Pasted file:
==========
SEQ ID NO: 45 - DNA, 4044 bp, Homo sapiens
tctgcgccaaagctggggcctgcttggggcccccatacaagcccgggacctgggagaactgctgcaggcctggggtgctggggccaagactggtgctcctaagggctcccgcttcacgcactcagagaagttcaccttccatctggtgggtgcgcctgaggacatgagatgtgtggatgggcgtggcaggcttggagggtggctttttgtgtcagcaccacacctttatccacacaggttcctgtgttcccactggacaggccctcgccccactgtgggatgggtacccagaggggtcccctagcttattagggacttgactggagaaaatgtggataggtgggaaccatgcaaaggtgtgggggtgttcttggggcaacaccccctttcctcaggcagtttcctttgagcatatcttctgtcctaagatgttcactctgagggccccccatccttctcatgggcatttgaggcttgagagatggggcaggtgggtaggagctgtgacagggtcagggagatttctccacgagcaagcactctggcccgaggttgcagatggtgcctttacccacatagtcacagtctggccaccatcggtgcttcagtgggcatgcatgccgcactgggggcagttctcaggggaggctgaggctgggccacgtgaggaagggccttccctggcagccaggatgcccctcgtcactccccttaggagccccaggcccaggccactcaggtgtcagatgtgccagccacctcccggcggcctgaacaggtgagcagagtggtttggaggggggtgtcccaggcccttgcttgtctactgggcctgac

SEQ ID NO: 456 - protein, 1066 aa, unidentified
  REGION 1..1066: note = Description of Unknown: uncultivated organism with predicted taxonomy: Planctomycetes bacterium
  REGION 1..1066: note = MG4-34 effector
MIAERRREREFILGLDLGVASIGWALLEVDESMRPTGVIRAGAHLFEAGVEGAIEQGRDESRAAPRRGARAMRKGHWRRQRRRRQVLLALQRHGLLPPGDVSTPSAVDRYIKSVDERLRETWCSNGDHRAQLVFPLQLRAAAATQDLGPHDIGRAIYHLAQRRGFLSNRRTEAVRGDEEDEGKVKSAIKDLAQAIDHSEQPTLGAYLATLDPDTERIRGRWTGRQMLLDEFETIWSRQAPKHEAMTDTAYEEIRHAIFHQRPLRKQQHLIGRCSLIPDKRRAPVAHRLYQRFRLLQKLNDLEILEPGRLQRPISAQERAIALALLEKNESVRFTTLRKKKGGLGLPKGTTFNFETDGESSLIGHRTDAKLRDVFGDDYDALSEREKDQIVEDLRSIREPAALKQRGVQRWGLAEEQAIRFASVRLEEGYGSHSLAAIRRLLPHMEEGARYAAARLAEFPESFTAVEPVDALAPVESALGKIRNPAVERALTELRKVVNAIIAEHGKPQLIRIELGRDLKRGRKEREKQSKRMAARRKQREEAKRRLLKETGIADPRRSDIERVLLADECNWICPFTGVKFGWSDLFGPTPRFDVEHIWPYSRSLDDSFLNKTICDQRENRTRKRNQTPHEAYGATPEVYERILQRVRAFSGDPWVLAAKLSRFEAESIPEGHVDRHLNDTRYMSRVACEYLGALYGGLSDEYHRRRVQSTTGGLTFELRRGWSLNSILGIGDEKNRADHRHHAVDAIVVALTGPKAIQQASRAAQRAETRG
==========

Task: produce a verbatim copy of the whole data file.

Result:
SEQ ID NO: 45 - DNA, 4044 bp, Homo sapiens
tctgcgccaaagctggggcctgcttggggcccccatacaagcccgggacctgggagaactgctgcaggcctggggtgctggggccaagactggtgctcctaagggctcccgcttcacgcactcagagaagttcaccttccatctggtgggtgcgcctgaggacatgagatgtgtggatgggcgtggcaggcttggagggtggctttttgtgtcagcaccacacctttatccacacaggttcctgtgttcccactggacaggccctcgccccactgtgggatgggtacccagaggggtcccctagcttattagggacttgactggagaaaatgtggataggtgggaaccatgcaaaggtgtgggggtgttcttggggcaacaccccctttcctcaggcagtttcctttgagcatatcttctgtcctaagatgttcactctgagggccccccatccttctcatgggcatttgaggcttgagagatggggcaggtgggtaggagctgtgacagggtcagggagatttctccacgagcaagcactctggcccgaggttgcagatggtgcctttacccacatagtcacagtctggccaccatcggtgcttcagtgggcatgcatgccgcactgggggcagttctcaggggaggctgaggctgggccacgtgaggaagggccttccctggcagccaggatgcccctcgtcactccccttaggagccccaggcccaggccactcaggtgtcagatgtgccagccacctcccggcggcctgaacaggtgagcagagtggtttggaggggggtgtcccaggcccttgcttgtctactgggcctgac

SEQ ID NO: 456 - protein, 1066 aa, unidentified
  REGION 1..1066: note = Description of Unknown: uncultivated organism with predicted taxonomy: Planctomycetes bacterium
  REGION 1..1066: note = MG4-34 effector
MIAERRREREFILGLDLGVASIGWALLEVDESMRPTGVIRAGAHLFEAGVEGAIEQGRDESRAAPRRGARAMRKGHWRRQRRRRQVLLALQRHGLLPPGDVSTPSAVDRYIKSVDERLRETWCSNGDHRAQLVFPLQLRAAAATQDLGPHDIGRAIYHLAQRRGFLSNRRTEAVRGDEEDEGKVKSAIKDLAQAIDHSEQPTLGAYLATLDPDTERIRGRWTGRQMLLDEFETIWSRQAPKHEAMTDTAYEEIRHAIFHQRPLRKQQHLIGRCSLIPDKRRAPVAHRLYQRFRLLQKLNDLEILEPGRLQRPISAQERAIALALLEKNESVRFTTLRKKKGGLGLPKGTTFNFETDGESSLIGHRTDAKLRDVFGDDYDALSEREKDQIVEDLRSIREPAALKQRGVQRWGLAEEQAIRFASVRLEEGYGSHSLAAIRRLLPHMEEGARYAAARLAEFPESFTAVEPVDALAPVESALGKIRNPAVERALTELRKVVNAIIAEHGKPQLIRIELGRDLKRGRKEREKQSKRMAARRKQREEAKRRLLKETGIADPRRSDIERVLLADECNWICPFTGVKFGWSDLFGPTPRFDVEHIWPYSRSLDDSFLNKTICDQRENRTRKRNQTPHEAYGATPEVYERILQRVRAFSGDPWVLAAKLSRFEAESIPEGHVDRHLNDTRYMSRVACEYLGALYGGLSDEYHRRRVQSTTGGLTFELRRGWSLNSILGIGDEKNRADHRHHAVDAIVVALTGPKAIQQASRAAQRAETRG